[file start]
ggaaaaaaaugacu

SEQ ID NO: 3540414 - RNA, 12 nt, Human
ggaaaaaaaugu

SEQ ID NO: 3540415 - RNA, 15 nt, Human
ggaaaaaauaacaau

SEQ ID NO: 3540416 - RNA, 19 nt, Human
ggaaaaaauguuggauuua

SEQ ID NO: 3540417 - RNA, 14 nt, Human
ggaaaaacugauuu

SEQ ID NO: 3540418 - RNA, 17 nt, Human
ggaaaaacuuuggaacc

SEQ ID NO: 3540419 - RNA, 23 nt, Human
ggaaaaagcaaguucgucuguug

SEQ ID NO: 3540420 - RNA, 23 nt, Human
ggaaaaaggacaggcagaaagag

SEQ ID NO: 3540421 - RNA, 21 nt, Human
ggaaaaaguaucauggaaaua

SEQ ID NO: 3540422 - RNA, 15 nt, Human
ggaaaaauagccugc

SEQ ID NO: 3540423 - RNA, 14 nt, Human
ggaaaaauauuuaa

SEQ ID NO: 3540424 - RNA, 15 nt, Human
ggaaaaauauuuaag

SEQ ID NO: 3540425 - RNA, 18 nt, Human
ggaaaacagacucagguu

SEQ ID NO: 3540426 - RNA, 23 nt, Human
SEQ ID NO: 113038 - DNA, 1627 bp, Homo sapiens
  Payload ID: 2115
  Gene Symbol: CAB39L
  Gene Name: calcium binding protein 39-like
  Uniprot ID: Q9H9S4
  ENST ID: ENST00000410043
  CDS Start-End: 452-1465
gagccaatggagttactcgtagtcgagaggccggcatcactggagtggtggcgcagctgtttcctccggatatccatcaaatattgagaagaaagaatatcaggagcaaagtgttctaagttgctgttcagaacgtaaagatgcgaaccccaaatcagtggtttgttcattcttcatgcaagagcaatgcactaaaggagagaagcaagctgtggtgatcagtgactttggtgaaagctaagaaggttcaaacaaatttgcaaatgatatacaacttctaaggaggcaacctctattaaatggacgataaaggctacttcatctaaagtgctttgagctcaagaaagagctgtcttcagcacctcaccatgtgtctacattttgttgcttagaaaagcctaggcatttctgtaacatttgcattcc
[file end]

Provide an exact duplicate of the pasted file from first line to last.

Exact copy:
ggaaaaaaaugacu

SEQ ID NO: 3540414 - RNA, 12 nt, Human
ggaaaaaaaugu

SEQ ID NO: 3540415 - RNA, 15 nt, Human
ggaaaaaauaacaau

SEQ ID NO: 3540416 - RNA, 19 nt, Human
ggaaaaaauguuggauuua

SEQ ID NO: 3540417 - RNA, 14 nt, Human
ggaaaaacugauuu

SEQ ID NO: 3540418 - RNA, 17 nt, Human
ggaaaaacuuuggaacc

SEQ ID NO: 3540419 - RNA, 23 nt, Human
ggaaaaagcaaguucgucuguug

SEQ ID NO: 3540420 - RNA, 23 nt, Human
ggaaaaaggacaggcagaaagag

SEQ ID NO: 3540421 - RNA, 21 nt, Human
ggaaaaaguaucauggaaaua

SEQ ID NO: 3540422 - RNA, 15 nt, Human
ggaaaaauagccugc

SEQ ID NO: 3540423 - RNA, 14 nt, Human
ggaaaaauauuuaa

SEQ ID NO: 3540424 - RNA, 15 nt, Human
ggaaaaauauuuaag

SEQ ID NO: 3540425 - RNA, 18 nt, Human
ggaaaacagacucagguu

SEQ ID NO: 3540426 - RNA, 23 nt, Human
SEQ ID NO: 113038 - DNA, 1627 bp, Homo sapiens
  Payload ID: 2115
  Gene Symbol: CAB39L
  Gene Name: calcium binding protein 39-like
  Uniprot ID: Q9H9S4
  ENST ID: ENST00000410043
  CDS Start-End: 452-1465
gagccaatggagttactcgtagtcgagaggccggcatcactggagtggtggcgcagctgtttcctccggatatccatcaaatattgagaagaaagaatatcaggagcaaagtgttctaagttgctgttcagaacgtaaagatgcgaaccccaaatcagtggtttgttcattcttcatgcaagagcaatgcactaaaggagagaagcaagctgtggtgatcagtgactttggtgaaagctaagaaggttcaaacaaatttgcaaatgatatacaacttctaaggaggcaacctctattaaatggacgataaaggctacttcatctaaagtgctttgagctcaagaaagagctgtcttcagcacctcaccatgtgtctacattttgttgcttagaaaagcctaggcatttctgtaacatttgcattcc